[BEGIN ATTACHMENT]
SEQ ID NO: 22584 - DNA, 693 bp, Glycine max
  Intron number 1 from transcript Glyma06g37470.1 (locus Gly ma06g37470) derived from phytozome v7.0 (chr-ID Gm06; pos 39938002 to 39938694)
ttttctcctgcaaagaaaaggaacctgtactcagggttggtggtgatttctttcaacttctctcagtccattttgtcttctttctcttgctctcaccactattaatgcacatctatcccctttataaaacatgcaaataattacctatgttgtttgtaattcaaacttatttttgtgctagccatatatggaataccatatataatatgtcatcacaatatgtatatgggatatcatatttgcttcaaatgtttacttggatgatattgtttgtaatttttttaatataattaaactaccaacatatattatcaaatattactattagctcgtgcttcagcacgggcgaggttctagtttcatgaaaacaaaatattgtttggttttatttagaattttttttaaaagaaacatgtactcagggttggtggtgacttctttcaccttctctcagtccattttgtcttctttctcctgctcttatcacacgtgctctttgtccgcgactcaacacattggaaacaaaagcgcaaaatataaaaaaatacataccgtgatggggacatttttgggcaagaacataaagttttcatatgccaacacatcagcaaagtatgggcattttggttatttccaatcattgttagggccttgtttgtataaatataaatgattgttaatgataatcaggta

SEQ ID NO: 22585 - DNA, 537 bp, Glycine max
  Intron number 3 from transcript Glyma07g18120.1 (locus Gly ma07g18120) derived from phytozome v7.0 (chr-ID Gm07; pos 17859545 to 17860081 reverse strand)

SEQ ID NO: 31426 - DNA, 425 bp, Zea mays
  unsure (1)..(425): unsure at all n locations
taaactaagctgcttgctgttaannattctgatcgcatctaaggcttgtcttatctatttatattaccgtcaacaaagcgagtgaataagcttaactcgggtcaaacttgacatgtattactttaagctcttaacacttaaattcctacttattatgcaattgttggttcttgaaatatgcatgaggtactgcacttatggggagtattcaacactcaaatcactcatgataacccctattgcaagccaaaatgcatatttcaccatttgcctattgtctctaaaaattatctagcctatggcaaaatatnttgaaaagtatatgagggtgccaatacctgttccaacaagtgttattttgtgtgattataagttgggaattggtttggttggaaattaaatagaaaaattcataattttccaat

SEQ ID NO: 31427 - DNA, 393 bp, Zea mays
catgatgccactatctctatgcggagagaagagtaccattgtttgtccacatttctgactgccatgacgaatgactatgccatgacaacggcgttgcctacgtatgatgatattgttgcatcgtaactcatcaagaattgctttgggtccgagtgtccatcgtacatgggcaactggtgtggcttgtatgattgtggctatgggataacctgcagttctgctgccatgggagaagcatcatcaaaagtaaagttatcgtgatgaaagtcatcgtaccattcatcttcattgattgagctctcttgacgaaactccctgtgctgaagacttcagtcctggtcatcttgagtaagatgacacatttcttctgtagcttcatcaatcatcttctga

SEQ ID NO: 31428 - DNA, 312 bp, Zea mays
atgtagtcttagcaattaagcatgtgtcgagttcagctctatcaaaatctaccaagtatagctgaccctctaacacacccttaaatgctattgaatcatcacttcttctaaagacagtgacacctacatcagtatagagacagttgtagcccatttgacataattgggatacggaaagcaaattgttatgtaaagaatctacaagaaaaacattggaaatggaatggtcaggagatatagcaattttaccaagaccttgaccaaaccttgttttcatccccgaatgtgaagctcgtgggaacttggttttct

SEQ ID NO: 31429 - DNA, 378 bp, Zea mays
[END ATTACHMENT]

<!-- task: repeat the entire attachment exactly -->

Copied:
SEQ ID NO: 22584 - DNA, 693 bp, Glycine max
  Intron number 1 from transcript Glyma06g37470.1 (locus Gly ma06g37470) derived from phytozome v7.0 (chr-ID Gm06; pos 39938002 to 39938694)
ttttctcctgcaaagaaaaggaacctgtactcagggttggtggtgatttctttcaacttctctcagtccattttgtcttctttctcttgctctcaccactattaatgcacatctatcccctttataaaacatgcaaataattacctatgttgtttgtaattcaaacttatttttgtgctagccatatatggaataccatatataatatgtcatcacaatatgtatatgggatatcatatttgcttcaaatgtttacttggatgatattgtttgtaatttttttaatataattaaactaccaacatatattatcaaatattactattagctcgtgcttcagcacgggcgaggttctagtttcatgaaaacaaaatattgtttggttttatttagaattttttttaaaagaaacatgtactcagggttggtggtgacttctttcaccttctctcagtccattttgtcttctttctcctgctcttatcacacgtgctctttgtccgcgactcaacacattggaaacaaaagcgcaaaatataaaaaaatacataccgtgatggggacatttttgggcaagaacataaagttttcatatgccaacacatcagcaaagtatgggcattttggttatttccaatcattgttagggccttgtttgtataaatataaatgattgttaatgataatcaggta

SEQ ID NO: 22585 - DNA, 537 bp, Glycine max
  Intron number 3 from transcript Glyma07g18120.1 (locus Gly ma07g18120) derived from phytozome v7.0 (chr-ID Gm07; pos 17859545 to 17860081 reverse strand)

SEQ ID NO: 31426 - DNA, 425 bp, Zea mays
  unsure (1)..(425): unsure at all n locations
taaactaagctgcttgctgttaannattctgatcgcatctaaggcttgtcttatctatttatattaccgtcaacaaagcgagtgaataagcttaactcgggtcaaacttgacatgtattactttaagctcttaacacttaaattcctacttattatgcaattgttggttcttgaaatatgcatgaggtactgcacttatggggagtattcaacactcaaatcactcatgataacccctattgcaagccaaaatgcatatttcaccatttgcctattgtctctaaaaattatctagcctatggcaaaatatnttgaaaagtatatgagggtgccaatacctgttccaacaagtgttattttgtgtgattataagttgggaattggtttggttggaaattaaatagaaaaattcataattttccaat

SEQ ID NO: 31427 - DNA, 393 bp, Zea mays
catgatgccactatctctatgcggagagaagagtaccattgtttgtccacatttctgactgccatgacgaatgactatgccatgacaacggcgttgcctacgtatgatgatattgttgcatcgtaactcatcaagaattgctttgggtccgagtgtccatcgtacatgggcaactggtgtggcttgtatgattgtggctatgggataacctgcagttctgctgccatgggagaagcatcatcaaaagtaaagttatcgtgatgaaagtcatcgtaccattcatcttcattgattgagctctcttgacgaaactccctgtgctgaagacttcagtcctggtcatcttgagtaagatgacacatttcttctgtagcttcatcaatcatcttctga

SEQ ID NO: 31428 - DNA, 312 bp, Zea mays
atgtagtcttagcaattaagcatgtgtcgagttcagctctatcaaaatctaccaagtatagctgaccctctaacacacccttaaatgctattgaatcatcacttcttctaaagacagtgacacctacatcagtatagagacagttgtagcccatttgacataattgggatacggaaagcaaattgttatgtaaagaatctacaagaaaaacattggaaatggaatggtcaggagatatagcaattttaccaagaccttgaccaaaccttgttttcatccccgaatgtgaagctcgtgggaacttggttttct

SEQ ID NO: 31429 - DNA, 378 bp, Zea mays